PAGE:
Tags

, , , , , , , , , , , , , , , , , , , , , , , , , , , , , , , , , , , , , , , , , ,


SQL Server Interview Question – How do you manage very large tables in SQL Server ?

This question has been asked to me many times. So finally I have decided to make the answer online, many more people also wrote blogs about this. I also have some points. The performance of very large table can be measured by following things-

  1. Load Data Performance
    1. How quickly we can insert data into very large tables.?
  2. Query Performance
    1. How our queries are performing which includes large tables?
  3. Data Management Performance(Backups, Rebuilding Indexes, Updating Statistics)
    1. How quick you can take your backups, rebuild indexes and update statistics.?

Solutions to this problem are-

  1. Use Multiple File Groups and Files
  2. Insert data into empty UnIndexed tables and then create indexes on it.
  3. Use Partitioned Tables
  4. Use ReadOnly File Groups
  5. Check Constraints

Now I will discuss the above solutions in details.

Use Multiple File Groups and Files
Here you need to spread data to as many as disks possible. This will help in storage and provide good performance.

Check constraints informs SQL Server which data to be inserted in which table.

Table Partitioning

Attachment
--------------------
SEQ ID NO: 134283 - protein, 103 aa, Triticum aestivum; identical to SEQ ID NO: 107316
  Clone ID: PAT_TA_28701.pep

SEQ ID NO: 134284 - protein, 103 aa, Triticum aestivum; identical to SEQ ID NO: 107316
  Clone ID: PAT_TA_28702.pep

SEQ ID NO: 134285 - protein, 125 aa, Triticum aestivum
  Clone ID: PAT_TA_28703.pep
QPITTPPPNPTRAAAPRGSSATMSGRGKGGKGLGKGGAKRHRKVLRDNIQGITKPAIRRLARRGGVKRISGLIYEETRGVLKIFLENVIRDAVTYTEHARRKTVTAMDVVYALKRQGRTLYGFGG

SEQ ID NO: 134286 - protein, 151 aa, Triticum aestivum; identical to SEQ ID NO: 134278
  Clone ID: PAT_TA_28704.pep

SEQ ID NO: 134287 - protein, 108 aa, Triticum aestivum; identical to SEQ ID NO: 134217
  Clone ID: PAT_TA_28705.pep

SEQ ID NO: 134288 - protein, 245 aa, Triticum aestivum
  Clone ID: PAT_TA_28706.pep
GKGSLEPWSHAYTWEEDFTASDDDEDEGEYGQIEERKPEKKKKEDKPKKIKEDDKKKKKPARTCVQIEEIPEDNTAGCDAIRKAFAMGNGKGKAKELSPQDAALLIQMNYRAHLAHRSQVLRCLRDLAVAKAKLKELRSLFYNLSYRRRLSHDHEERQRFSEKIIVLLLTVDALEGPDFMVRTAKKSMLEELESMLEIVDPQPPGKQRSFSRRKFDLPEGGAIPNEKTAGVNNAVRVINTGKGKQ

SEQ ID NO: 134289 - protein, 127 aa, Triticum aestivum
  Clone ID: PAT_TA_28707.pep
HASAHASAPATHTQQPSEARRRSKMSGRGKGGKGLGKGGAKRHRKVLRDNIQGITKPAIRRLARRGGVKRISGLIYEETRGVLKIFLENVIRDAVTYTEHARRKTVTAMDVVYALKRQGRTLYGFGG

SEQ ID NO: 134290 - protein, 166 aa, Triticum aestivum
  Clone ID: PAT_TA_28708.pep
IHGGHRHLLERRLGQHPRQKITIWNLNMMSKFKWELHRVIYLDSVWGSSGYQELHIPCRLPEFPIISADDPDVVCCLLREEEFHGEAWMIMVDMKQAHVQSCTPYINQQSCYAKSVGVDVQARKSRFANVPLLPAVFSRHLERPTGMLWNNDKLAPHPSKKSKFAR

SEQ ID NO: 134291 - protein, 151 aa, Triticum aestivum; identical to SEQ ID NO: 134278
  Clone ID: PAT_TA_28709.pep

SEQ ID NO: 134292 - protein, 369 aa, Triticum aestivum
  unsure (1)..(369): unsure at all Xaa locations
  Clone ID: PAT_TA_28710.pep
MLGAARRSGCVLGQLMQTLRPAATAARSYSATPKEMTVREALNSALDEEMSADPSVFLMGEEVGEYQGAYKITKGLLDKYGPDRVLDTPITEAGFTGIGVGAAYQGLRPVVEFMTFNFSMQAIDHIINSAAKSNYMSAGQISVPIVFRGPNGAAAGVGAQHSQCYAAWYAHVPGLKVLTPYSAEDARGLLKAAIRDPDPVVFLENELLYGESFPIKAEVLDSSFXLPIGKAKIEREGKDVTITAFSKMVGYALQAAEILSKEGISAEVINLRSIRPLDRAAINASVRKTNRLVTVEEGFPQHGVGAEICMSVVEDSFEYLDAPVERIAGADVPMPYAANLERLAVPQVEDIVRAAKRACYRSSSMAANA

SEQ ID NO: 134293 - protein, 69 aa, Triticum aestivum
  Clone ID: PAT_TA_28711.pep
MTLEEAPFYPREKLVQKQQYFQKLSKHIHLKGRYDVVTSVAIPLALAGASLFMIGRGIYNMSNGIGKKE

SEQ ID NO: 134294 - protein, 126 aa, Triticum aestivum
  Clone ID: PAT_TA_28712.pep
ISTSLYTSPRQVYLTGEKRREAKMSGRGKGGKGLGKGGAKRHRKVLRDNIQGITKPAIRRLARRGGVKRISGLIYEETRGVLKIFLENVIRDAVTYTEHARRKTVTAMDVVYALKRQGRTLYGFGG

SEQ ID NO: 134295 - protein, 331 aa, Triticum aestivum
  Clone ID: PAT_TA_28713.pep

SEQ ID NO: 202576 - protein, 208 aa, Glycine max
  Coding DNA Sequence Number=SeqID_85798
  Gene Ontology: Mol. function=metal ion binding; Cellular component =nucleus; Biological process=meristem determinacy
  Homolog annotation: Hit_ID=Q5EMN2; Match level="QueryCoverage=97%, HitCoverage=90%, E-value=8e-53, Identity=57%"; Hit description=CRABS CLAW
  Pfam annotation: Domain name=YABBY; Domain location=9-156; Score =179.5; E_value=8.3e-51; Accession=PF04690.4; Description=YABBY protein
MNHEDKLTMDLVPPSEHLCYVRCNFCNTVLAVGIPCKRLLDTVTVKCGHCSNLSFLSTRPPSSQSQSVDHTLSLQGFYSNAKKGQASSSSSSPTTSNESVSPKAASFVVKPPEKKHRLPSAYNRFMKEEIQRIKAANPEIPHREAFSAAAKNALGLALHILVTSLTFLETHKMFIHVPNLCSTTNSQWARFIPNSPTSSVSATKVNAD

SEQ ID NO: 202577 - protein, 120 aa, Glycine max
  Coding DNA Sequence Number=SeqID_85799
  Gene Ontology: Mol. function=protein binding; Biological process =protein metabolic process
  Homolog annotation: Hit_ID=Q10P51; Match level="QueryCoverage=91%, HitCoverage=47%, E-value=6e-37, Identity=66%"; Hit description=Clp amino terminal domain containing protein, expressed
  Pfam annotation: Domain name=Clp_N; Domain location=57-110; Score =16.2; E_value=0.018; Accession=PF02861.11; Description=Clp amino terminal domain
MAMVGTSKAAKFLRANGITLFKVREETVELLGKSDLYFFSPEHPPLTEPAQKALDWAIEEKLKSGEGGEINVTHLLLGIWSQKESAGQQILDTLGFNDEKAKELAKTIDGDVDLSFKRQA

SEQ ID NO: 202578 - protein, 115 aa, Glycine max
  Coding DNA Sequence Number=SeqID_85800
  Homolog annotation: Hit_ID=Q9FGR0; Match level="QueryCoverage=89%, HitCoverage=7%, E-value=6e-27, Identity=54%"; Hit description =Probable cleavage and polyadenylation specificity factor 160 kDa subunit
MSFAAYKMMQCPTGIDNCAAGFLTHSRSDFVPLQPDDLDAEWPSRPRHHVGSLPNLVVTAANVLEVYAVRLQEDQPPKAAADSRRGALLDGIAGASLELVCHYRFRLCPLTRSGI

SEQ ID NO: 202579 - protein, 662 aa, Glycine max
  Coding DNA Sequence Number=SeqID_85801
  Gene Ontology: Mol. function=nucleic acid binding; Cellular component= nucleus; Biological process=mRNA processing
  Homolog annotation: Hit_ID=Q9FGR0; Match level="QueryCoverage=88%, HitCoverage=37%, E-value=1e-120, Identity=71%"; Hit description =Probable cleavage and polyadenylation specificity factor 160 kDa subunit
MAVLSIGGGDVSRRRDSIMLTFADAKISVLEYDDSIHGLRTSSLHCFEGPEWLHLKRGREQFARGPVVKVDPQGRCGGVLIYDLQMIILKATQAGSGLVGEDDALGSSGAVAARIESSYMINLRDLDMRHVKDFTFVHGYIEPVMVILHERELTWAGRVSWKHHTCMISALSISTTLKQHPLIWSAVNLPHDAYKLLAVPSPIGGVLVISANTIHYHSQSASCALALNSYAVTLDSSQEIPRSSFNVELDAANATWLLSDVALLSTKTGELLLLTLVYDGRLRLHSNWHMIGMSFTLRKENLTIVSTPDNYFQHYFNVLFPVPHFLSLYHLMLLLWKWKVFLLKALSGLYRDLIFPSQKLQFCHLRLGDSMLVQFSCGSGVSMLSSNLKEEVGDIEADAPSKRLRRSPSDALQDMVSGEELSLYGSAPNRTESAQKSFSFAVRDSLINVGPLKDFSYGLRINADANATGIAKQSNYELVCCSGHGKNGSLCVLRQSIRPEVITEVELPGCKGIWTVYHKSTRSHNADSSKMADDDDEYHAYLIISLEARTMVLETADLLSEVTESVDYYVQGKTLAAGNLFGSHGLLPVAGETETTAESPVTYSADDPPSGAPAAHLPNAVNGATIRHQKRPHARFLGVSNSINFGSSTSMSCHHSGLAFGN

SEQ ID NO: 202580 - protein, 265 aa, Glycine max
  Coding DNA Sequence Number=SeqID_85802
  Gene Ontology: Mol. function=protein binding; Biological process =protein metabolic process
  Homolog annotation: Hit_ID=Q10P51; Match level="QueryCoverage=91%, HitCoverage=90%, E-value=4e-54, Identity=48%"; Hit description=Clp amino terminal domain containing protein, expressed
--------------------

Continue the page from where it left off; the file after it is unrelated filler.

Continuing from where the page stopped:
We will get good performance for queries that specify predicates that allow SQL Server to do partition elimination. Also note that this feature is only available in enterprise version. Other advantages are given below-

  • Table can spans multiple file groups. It gives us huge advantage on performance and storage.
  • We can load data and extract data as a metadata-only operation with SWITCH commands.
  • Partition wise update stats(Starting SQL Server 2014).
  • Partition level index maintenance. If you have SQL Server 2014 so you can even do online-rebuilds per partition.
  • Column Store Indexes at partitions (Starting SQL 2012). 
  • Per Partition Compression.

Insert data into empty UnIndexed tables and then create indexes on it.

Well if insert data into a big table with multiple indexes, it will take more time then inserting data into a empty table and build indexes on it.

Use ReadOnly File Groups

  • It just requires one backup after becoming read only
  • Don’t require any maintenance
  • Don’t require page lock and row locks

I hope you have enjoyed the article. Cheers, Thanks for reading !

-Pawan Khowal

MSBISkills.com

Advertisements